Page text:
Sat, December 15, 2012 8:00 pm at Alwan for the Arts
ASHUR is a piano trio that features 5 original compositions, Dabke and Sama’i Yamani which are based on Arab rhythms and modes; and three others that are more rooted in contemporary jazz. Tarek Yamani’s take on jazz standards is a complex rhythmic exploration in melodies and harmonic structures. In Ashur, Yamani re-arranges 3 Jazz Standards, and one pop song as well as a Prelude by J.S. Bach.
Tarek Yamani- Piano
Carlo De Rosa- Bass
John Davis- Drums
(*A small online fee is applied - use printout as your ticket)
Doors open at 7:30 p.m.
Tarek Yamani is a New York based, self-taught Jazz pianist and composer and the Grand Prize winner of the “Thelonious Monk International Jazz Composer’s Competition 2010” for his composition Sama’i Yamani, featured in his debut album ASHUR. The album was released on edict records on April 30th, 2012, the day UNESCO proclaimed and celebrated Jazz as an international language in its inaugural at the UN headquarters in NYC. Tarek was invited to share the piano chair with Herbie Hancock, Danilo Perez, Hiromi and George Duke and to perform Coltrane’s ‘India’ with Wayne Shorter, Richard Bona, Zakir Hussein and Vinnie Colaiuta.
Tarek's career started with pioneer Lebanese speaking hip-hop band "Aksser" and with writing music for dance-theater performances such as with Swedish director Eva Bergman and Lebanese director Omar Rajeh. He co-founded the band "funjan shai" in 2002 which led to recording/producing Ziad Ahmadieh's "Beyond Traditions" & Macadi Nahhas' "Khilkhal".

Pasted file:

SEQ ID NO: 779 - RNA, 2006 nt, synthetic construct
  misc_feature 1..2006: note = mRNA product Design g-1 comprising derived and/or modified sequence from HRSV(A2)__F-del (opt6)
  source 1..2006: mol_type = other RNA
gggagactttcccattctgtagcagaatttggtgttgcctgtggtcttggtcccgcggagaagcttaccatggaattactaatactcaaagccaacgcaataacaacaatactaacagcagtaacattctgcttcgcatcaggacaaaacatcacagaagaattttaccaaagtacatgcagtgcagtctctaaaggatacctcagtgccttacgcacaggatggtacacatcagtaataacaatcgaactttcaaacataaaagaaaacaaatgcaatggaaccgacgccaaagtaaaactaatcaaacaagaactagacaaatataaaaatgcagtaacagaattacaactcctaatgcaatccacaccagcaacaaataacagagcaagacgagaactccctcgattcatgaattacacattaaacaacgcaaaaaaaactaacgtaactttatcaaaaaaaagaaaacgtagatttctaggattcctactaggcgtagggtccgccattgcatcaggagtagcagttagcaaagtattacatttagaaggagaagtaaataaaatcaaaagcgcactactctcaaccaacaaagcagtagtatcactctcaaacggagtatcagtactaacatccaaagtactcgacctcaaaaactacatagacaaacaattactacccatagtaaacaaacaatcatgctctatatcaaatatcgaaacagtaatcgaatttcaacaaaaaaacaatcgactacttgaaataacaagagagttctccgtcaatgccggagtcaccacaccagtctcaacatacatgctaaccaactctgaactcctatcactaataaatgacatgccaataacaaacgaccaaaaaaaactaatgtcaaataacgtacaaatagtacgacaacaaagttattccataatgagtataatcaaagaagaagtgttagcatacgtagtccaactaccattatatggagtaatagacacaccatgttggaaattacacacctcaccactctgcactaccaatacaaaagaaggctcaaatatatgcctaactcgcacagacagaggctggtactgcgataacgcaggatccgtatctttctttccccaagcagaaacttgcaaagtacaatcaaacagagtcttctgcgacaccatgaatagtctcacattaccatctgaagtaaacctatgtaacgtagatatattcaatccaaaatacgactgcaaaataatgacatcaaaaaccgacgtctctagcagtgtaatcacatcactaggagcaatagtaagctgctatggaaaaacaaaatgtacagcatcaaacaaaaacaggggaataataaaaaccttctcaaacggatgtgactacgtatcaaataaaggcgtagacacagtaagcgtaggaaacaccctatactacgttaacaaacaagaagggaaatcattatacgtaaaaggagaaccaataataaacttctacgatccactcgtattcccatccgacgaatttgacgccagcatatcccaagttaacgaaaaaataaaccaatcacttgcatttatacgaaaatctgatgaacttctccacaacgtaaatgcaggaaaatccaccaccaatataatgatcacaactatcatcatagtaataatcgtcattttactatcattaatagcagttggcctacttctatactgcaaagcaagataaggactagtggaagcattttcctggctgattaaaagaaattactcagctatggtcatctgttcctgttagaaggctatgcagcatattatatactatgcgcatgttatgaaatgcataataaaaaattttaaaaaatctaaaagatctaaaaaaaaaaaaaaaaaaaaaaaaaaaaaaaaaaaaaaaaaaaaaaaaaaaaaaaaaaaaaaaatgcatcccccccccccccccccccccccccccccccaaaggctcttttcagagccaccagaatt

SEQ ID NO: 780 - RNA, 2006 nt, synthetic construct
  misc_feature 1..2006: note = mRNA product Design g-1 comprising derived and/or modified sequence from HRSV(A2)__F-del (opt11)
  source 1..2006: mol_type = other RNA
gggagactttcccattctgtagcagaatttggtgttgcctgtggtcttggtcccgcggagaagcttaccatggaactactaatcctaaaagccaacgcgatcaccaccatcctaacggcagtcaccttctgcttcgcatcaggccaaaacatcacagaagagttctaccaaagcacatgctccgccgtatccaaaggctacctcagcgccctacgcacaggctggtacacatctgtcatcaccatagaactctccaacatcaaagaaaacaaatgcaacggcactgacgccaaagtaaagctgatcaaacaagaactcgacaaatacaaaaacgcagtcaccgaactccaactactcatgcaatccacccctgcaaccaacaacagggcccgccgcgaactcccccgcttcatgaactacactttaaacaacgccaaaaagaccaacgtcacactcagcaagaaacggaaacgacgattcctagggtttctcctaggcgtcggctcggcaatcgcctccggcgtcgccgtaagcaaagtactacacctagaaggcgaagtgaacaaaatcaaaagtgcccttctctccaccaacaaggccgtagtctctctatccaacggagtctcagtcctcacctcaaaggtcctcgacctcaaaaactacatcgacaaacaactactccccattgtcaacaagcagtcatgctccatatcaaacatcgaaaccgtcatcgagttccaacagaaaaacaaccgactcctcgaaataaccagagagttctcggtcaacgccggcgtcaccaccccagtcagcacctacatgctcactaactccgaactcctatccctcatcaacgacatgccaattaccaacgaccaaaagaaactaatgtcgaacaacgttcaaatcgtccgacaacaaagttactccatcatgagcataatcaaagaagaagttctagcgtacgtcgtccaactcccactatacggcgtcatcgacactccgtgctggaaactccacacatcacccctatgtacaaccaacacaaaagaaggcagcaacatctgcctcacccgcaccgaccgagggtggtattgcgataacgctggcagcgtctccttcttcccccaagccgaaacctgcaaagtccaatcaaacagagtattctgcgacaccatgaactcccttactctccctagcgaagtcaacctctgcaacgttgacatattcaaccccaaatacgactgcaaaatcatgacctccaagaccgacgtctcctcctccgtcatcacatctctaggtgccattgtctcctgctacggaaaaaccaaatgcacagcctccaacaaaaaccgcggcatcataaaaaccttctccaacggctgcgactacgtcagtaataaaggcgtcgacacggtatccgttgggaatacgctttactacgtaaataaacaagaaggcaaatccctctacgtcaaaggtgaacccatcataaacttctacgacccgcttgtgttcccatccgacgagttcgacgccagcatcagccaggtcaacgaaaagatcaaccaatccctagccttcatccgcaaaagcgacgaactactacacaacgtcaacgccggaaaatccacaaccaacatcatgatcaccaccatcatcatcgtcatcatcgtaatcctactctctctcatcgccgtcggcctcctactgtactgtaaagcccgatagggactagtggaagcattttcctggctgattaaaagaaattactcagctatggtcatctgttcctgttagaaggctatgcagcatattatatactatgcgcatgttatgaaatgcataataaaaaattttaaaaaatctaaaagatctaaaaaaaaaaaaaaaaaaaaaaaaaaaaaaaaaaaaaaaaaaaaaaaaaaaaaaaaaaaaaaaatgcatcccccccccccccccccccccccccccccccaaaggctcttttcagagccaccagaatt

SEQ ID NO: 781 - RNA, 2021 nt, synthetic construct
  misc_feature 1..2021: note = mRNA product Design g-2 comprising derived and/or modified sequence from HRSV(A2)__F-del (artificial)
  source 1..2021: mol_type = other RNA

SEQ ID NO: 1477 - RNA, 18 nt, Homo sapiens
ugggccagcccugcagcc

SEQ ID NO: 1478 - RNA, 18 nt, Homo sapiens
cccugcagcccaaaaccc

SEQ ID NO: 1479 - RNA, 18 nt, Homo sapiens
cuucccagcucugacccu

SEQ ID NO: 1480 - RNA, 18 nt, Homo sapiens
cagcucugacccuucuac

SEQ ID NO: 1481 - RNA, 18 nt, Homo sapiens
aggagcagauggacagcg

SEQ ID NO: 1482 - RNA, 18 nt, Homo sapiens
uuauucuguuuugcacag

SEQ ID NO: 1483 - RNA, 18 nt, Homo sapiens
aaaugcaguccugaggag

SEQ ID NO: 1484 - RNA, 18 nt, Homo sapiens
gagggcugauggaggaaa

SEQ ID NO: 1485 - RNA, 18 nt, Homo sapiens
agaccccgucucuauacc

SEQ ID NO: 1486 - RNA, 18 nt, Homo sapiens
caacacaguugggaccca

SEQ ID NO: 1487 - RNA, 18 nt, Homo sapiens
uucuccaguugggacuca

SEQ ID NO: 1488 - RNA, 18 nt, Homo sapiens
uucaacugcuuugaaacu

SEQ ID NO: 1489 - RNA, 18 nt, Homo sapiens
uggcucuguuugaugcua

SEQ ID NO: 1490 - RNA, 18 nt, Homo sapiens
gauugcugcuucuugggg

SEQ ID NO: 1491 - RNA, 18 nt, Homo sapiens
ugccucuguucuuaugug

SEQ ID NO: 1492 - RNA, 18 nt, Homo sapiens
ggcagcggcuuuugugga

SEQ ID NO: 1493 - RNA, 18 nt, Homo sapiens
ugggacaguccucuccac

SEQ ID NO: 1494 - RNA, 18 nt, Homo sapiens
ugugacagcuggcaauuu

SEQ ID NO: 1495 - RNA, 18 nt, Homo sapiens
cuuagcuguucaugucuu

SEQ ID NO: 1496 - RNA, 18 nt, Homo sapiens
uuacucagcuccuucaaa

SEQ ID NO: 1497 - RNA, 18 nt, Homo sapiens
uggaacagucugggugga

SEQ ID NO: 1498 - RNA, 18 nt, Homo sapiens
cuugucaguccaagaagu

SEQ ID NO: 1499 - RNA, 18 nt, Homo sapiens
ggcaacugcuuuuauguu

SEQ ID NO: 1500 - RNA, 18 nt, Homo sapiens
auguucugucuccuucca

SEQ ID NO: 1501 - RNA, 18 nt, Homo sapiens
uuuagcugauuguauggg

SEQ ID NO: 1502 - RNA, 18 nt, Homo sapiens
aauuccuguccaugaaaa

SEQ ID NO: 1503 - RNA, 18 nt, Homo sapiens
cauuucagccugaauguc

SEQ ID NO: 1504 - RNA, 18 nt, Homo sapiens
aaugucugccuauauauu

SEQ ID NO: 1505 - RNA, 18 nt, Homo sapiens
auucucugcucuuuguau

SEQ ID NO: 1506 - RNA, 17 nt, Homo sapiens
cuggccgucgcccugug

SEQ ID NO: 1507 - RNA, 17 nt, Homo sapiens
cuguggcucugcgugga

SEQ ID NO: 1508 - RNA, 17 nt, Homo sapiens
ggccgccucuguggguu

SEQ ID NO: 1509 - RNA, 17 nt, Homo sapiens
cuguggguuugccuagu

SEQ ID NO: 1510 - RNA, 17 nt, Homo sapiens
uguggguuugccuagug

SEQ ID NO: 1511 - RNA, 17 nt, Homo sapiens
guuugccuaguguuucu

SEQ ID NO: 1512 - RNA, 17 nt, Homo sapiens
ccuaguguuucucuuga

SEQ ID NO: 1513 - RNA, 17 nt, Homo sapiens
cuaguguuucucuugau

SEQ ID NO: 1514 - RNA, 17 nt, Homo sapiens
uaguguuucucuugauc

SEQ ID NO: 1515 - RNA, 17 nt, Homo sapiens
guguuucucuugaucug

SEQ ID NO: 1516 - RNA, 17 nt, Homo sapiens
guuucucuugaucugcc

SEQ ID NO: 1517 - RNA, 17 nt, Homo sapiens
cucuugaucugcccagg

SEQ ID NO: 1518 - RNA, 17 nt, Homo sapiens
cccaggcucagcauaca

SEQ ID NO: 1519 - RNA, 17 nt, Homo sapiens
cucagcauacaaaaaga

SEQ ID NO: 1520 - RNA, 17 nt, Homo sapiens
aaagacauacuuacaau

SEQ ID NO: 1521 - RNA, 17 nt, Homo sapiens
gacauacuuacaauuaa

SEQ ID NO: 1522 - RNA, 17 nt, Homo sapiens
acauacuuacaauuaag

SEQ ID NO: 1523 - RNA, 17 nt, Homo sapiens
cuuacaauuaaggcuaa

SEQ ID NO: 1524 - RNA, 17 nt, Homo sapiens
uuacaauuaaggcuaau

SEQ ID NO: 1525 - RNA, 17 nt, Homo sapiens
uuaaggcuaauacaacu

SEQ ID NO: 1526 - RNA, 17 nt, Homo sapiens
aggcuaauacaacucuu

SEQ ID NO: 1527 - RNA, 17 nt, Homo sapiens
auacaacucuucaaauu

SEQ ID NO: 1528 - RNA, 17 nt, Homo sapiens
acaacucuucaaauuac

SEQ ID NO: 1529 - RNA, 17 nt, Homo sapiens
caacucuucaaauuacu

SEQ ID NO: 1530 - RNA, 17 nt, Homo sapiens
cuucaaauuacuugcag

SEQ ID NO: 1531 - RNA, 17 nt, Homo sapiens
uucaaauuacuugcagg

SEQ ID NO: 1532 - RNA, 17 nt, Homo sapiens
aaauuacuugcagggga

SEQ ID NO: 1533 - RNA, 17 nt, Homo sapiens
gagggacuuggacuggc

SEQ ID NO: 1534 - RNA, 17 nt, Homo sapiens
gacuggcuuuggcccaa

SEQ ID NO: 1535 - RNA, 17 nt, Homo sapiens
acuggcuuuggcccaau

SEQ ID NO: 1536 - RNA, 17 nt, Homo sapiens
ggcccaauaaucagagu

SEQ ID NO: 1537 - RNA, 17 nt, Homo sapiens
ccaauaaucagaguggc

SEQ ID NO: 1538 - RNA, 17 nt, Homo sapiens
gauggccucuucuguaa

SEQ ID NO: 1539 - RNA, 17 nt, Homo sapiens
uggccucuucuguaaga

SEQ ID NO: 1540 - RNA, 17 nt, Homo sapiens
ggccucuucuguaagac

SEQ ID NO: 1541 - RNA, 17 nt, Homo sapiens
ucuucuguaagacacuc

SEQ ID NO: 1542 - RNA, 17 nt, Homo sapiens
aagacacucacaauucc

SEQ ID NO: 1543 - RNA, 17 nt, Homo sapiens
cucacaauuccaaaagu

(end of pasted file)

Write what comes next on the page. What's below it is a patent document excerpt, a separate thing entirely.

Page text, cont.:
In 2010, he was semi-finalist in the "Montreux International Piano Solo Competition" as he is also the recipient of many prestigious awards such as the "Givanas Foundation" fund, the "Andrea Elkenbracht Fonds" award, the "Huygens" scholarship, and the "Prins Bernhard Cultuur Fonds" award.
Whenever Yamani is asked about how he integrates his Arabic heritage into his jazz compositions, he says that it comes naturally just like having an accent. "Jazz is a very complex language with its proper vocabulary, syntaxes and semantics and to incorporate one's heritage into it, one has to speak it fluently. I believe that the integration of more than one heritage together is most homogenous and true, when it is most spontaneous and involuntary.”
“Yamani is a dynamic performer with an intuitive feel for melodicism and development. This makes him worth watching" -Jerry D’Souza, All About Jazz
‘From being on the scene for a little while, you hear certain things that does something for you, now you see, the pianist here, he got a different idea about soloing, because you can hear him going somewhere else’. -James Moody
"Tarek Yamani, a name to retain in the musical world", “A condensate of passion”, “Yamani always manages to be, as Paul Verlaine once said, ‘not exactly the same, not exactly another’" - Colette Khalaf, L’Orient Le Jour
“Yamani’s piano amuses in varying the sensations, contradictory, paradoxical, resolved in the perception of the musical moment.” - Nayla Rached, L’Hebdo Magazine
Last updated: 2012-11-15 11:49:43
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